The Communications Electrical Plumbing Union (CEPU) has launched a national campaign to increase wages for apprentice electricians, arguing that the low wages paid to apprentices are a disincentive to commence an apprenticeship and are directly linked to low completion rates.
Currently, a first-year apprentice’s wage is as little as $225 a week, putting them just below the poverty line and only marginally better off than people on unemployment benefits - hardly an incentive to take up an electrical apprenticeship.
“It’s little wonder that four in 10 apprentices don’t complete their training - it’s almost impossible for them to survive on the wages they receive,” CEPU National Secretary Peter Tighe said.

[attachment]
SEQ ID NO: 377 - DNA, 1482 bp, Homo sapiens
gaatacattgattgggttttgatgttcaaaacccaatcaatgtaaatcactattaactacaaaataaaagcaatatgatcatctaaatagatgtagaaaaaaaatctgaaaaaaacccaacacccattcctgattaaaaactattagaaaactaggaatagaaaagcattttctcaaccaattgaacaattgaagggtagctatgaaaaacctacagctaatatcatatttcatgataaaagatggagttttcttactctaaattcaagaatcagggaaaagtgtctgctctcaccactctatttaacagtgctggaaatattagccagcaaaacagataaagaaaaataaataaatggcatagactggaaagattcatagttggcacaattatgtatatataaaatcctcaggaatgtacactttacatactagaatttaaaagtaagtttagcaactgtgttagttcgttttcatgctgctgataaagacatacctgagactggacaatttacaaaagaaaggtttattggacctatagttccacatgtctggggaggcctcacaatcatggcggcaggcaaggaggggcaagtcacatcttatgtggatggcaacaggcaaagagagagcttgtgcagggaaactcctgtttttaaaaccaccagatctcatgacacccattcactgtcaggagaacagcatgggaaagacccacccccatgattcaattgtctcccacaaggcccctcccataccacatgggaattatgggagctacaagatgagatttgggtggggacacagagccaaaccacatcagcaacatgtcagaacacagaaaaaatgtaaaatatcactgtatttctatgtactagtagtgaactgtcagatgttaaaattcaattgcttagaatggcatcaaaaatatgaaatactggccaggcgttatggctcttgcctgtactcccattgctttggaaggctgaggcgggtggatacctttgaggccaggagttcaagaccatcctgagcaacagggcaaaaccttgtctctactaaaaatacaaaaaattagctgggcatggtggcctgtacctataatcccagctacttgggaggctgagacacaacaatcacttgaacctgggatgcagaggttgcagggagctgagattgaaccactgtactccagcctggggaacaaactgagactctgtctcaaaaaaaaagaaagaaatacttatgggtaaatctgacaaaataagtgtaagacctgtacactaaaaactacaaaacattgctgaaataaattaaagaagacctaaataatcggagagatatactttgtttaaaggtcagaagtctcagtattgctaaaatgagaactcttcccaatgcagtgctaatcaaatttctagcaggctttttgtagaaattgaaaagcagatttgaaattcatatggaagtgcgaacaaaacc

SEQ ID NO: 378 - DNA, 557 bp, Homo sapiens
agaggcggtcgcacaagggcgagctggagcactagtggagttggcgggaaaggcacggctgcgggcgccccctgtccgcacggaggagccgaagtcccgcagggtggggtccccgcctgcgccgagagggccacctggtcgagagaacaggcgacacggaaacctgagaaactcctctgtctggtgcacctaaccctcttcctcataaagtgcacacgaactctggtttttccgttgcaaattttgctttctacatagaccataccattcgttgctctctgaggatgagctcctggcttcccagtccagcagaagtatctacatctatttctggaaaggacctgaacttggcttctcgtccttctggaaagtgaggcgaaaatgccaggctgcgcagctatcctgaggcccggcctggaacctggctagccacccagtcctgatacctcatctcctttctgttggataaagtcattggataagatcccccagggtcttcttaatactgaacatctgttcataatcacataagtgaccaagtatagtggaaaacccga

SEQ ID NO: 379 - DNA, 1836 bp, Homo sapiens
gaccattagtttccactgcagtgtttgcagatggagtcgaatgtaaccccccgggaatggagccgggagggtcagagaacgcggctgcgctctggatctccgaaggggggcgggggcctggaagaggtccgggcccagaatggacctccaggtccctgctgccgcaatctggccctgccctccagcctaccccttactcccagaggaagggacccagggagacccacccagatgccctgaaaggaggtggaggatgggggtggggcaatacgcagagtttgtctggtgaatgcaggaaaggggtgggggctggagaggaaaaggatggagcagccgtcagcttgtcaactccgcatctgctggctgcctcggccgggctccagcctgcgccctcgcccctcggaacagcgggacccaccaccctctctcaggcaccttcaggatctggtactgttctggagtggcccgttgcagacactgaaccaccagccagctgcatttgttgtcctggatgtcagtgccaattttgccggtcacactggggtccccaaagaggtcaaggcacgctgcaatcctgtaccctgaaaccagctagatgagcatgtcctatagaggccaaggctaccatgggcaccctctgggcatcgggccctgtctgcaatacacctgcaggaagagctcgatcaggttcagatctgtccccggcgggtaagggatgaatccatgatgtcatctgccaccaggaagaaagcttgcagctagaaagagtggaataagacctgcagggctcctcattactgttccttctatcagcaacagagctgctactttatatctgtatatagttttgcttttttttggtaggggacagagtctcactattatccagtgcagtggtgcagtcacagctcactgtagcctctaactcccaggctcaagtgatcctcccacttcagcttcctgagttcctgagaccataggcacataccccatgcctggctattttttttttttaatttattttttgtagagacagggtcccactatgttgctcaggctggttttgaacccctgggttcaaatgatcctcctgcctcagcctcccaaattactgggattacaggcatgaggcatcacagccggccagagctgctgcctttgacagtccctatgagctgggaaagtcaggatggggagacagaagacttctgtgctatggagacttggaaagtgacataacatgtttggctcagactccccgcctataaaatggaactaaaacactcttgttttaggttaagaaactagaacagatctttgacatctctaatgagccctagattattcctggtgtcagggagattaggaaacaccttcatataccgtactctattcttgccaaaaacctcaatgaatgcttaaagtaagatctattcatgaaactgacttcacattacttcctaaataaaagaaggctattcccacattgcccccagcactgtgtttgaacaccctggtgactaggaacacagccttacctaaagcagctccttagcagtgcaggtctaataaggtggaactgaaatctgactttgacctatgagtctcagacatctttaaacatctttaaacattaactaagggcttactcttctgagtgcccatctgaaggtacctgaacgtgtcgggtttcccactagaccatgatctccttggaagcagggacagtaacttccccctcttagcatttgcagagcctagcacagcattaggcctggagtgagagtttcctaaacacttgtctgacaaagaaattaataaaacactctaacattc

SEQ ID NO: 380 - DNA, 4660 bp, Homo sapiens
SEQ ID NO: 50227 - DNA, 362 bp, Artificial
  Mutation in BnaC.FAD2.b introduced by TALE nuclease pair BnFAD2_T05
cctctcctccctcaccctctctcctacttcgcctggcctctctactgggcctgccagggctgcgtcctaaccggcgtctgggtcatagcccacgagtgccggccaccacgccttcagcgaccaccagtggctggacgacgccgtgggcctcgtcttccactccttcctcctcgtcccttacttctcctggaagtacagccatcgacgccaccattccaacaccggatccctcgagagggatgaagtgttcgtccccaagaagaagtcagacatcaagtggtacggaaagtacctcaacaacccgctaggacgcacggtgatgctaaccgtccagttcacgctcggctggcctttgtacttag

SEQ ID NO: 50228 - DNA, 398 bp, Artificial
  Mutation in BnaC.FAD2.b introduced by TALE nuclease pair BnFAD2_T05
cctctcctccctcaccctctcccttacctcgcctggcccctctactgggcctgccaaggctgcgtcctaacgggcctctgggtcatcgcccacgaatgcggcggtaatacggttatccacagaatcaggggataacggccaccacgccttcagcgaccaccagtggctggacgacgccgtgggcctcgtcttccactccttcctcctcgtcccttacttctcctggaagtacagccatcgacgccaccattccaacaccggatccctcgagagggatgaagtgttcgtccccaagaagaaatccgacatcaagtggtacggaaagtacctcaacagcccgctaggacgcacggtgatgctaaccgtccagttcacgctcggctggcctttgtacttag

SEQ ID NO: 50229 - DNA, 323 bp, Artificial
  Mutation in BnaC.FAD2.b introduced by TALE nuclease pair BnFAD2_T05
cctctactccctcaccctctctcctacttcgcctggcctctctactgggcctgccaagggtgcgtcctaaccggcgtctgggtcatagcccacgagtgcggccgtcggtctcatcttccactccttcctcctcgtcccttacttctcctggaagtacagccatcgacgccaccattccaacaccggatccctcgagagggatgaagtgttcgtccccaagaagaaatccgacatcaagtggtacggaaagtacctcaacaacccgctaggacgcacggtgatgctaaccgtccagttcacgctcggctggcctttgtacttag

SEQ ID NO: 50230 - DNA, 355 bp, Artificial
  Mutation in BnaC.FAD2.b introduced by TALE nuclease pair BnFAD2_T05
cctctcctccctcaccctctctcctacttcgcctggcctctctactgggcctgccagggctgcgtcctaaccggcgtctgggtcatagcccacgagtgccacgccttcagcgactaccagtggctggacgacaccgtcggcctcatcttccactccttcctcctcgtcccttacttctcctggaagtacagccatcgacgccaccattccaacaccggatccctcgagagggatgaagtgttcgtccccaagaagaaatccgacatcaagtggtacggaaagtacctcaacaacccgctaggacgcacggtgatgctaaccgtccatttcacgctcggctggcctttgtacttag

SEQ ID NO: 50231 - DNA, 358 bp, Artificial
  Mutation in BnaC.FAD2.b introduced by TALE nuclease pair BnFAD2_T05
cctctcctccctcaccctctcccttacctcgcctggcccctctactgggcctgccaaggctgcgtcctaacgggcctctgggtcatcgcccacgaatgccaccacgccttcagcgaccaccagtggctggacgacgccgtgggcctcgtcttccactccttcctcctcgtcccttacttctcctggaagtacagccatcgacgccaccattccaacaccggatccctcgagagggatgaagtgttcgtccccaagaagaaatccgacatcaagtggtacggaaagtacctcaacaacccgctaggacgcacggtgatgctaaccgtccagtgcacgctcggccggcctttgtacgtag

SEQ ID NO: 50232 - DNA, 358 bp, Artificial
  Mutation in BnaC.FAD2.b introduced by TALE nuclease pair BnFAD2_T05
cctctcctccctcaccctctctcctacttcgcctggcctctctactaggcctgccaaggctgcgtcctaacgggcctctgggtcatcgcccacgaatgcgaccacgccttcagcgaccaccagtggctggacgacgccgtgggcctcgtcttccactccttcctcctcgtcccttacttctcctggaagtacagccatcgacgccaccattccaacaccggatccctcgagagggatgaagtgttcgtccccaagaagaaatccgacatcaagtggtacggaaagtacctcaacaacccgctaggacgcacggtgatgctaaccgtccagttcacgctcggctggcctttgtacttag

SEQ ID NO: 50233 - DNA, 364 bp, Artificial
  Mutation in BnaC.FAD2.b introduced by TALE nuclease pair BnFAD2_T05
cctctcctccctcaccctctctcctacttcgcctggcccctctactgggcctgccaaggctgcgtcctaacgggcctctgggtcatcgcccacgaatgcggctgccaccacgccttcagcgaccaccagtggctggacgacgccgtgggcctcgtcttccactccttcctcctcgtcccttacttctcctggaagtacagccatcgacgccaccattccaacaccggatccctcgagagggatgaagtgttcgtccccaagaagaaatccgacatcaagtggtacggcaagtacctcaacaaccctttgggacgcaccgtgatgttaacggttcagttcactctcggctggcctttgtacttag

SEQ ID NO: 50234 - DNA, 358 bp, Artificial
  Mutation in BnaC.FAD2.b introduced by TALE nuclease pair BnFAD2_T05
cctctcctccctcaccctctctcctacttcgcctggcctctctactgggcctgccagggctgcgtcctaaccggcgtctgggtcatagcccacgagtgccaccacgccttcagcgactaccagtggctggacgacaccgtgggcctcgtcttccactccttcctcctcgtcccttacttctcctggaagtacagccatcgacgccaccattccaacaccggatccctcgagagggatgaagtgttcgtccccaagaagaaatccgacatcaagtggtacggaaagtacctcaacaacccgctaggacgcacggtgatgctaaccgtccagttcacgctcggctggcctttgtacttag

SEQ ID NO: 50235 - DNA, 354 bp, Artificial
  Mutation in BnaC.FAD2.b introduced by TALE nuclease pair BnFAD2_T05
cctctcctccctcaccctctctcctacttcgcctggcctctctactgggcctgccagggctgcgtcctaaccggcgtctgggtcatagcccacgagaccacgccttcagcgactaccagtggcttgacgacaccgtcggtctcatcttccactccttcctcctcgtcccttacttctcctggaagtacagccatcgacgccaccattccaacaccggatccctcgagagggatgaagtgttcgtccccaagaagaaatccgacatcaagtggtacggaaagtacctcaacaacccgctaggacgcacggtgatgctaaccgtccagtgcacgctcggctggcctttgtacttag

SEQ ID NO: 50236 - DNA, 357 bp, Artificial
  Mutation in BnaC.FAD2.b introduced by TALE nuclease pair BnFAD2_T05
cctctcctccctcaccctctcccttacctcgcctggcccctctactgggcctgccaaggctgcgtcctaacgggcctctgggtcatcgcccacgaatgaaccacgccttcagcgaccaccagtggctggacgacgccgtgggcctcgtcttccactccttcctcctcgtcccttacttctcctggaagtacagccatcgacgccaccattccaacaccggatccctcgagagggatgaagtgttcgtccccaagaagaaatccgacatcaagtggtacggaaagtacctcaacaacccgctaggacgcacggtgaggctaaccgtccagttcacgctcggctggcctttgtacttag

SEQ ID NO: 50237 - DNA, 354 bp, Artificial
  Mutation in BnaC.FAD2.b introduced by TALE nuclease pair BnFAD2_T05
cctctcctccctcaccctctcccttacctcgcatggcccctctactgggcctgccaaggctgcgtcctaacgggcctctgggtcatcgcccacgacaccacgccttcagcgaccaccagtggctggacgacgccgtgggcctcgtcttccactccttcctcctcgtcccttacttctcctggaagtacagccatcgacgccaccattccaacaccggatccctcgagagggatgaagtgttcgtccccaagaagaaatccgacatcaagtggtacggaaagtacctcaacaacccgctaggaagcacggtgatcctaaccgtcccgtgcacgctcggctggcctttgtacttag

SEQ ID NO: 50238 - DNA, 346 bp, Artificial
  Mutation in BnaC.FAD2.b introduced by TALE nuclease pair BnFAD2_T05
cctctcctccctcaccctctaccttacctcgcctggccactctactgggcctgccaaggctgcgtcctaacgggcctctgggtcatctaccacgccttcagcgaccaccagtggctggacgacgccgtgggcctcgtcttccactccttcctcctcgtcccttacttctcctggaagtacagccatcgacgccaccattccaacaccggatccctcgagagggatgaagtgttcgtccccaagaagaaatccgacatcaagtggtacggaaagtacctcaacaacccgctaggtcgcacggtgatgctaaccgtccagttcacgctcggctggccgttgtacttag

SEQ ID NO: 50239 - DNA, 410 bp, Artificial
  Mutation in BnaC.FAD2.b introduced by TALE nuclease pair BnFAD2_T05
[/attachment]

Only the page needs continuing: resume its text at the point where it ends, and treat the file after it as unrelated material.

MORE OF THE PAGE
The CEPU campaign launches with new research from the Workplace Research Centre (WRC) which shows that half of all apprentice electricians are over 20 years old and a quarter are over 25.
“The modern apprentice is a fully fledged adult who has already notched up some educational achievements. They deserve to be paid a liveable wage,” added Tighe.
“Australia is headed into a multidecade resources boom and unless we boost wages and apprentice completion rates, there will be a chronic shortfall of skilled electricians.”
The WRC report also shows that only 61% of all electrical trades jobs are filled nationally. “There is a concrete link between apprentice wages and the skills shortage, and it’s our apprenticeship completion rate,” Tighe said.